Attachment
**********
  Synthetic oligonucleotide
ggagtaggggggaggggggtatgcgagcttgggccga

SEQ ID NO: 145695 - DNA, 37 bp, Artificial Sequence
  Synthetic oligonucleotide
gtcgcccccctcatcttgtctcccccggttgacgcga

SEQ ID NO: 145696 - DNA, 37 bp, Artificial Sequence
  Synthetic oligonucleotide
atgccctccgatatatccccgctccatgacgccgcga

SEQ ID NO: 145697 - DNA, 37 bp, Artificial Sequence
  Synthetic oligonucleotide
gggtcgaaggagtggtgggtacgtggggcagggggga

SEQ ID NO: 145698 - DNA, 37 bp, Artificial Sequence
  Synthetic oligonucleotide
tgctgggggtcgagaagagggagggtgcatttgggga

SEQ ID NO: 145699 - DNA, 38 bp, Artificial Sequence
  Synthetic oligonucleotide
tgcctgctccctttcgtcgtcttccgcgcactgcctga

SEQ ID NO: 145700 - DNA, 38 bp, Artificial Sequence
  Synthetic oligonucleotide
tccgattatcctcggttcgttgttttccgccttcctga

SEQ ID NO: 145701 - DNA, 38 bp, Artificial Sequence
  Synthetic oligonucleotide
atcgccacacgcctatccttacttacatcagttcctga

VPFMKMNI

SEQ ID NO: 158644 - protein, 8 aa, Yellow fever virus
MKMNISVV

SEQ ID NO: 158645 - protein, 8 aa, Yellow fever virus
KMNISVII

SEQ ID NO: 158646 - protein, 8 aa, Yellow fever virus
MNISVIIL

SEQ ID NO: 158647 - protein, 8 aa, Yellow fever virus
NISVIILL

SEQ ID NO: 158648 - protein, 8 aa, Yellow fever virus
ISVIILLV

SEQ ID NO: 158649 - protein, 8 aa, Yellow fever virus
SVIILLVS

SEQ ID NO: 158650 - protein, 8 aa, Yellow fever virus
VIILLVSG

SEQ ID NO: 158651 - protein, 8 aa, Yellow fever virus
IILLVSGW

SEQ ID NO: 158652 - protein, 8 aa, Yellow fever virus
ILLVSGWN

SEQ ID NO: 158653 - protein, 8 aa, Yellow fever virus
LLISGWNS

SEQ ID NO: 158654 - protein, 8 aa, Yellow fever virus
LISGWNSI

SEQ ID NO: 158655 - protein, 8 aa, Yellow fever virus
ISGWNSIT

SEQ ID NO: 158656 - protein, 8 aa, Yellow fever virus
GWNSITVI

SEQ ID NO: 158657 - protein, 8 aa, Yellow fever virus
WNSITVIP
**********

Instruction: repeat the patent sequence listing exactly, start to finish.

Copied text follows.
  Synthetic oligonucleotide
ggagtaggggggaggggggtatgcgagcttgggccga

SEQ ID NO: 145695 - DNA, 37 bp, Artificial Sequence
  Synthetic oligonucleotide
gtcgcccccctcatcttgtctcccccggttgacgcga

SEQ ID NO: 145696 - DNA, 37 bp, Artificial Sequence
  Synthetic oligonucleotide
atgccctccgatatatccccgctccatgacgccgcga

SEQ ID NO: 145697 - DNA, 37 bp, Artificial Sequence
  Synthetic oligonucleotide
gggtcgaaggagtggtgggtacgtggggcagggggga

SEQ ID NO: 145698 - DNA, 37 bp, Artificial Sequence
  Synthetic oligonucleotide
tgctgggggtcgagaagagggagggtgcatttgggga

SEQ ID NO: 145699 - DNA, 38 bp, Artificial Sequence
  Synthetic oligonucleotide
tgcctgctccctttcgtcgtcttccgcgcactgcctga

SEQ ID NO: 145700 - DNA, 38 bp, Artificial Sequence
  Synthetic oligonucleotide
tccgattatcctcggttcgttgttttccgccttcctga

SEQ ID NO: 145701 - DNA, 38 bp, Artificial Sequence
  Synthetic oligonucleotide
atcgccacacgcctatccttacttacatcagttcctga

VPFMKMNI

SEQ ID NO: 158644 - protein, 8 aa, Yellow fever virus
MKMNISVV

SEQ ID NO: 158645 - protein, 8 aa, Yellow fever virus
KMNISVII

SEQ ID NO: 158646 - protein, 8 aa, Yellow fever virus
MNISVIIL

SEQ ID NO: 158647 - protein, 8 aa, Yellow fever virus
NISVIILL

SEQ ID NO: 158648 - protein, 8 aa, Yellow fever virus
ISVIILLV

SEQ ID NO: 158649 - protein, 8 aa, Yellow fever virus
SVIILLVS

SEQ ID NO: 158650 - protein, 8 aa, Yellow fever virus
VIILLVSG

SEQ ID NO: 158651 - protein, 8 aa, Yellow fever virus
IILLVSGW

SEQ ID NO: 158652 - protein, 8 aa, Yellow fever virus
ILLVSGWN

SEQ ID NO: 158653 - protein, 8 aa, Yellow fever virus
LLISGWNS

SEQ ID NO: 158654 - protein, 8 aa, Yellow fever virus
LISGWNSI

SEQ ID NO: 158655 - protein, 8 aa, Yellow fever virus
ISGWNSIT

SEQ ID NO: 158656 - protein, 8 aa, Yellow fever virus
GWNSITVI

SEQ ID NO: 158657 - protein, 8 aa, Yellow fever virus
WNSITVIP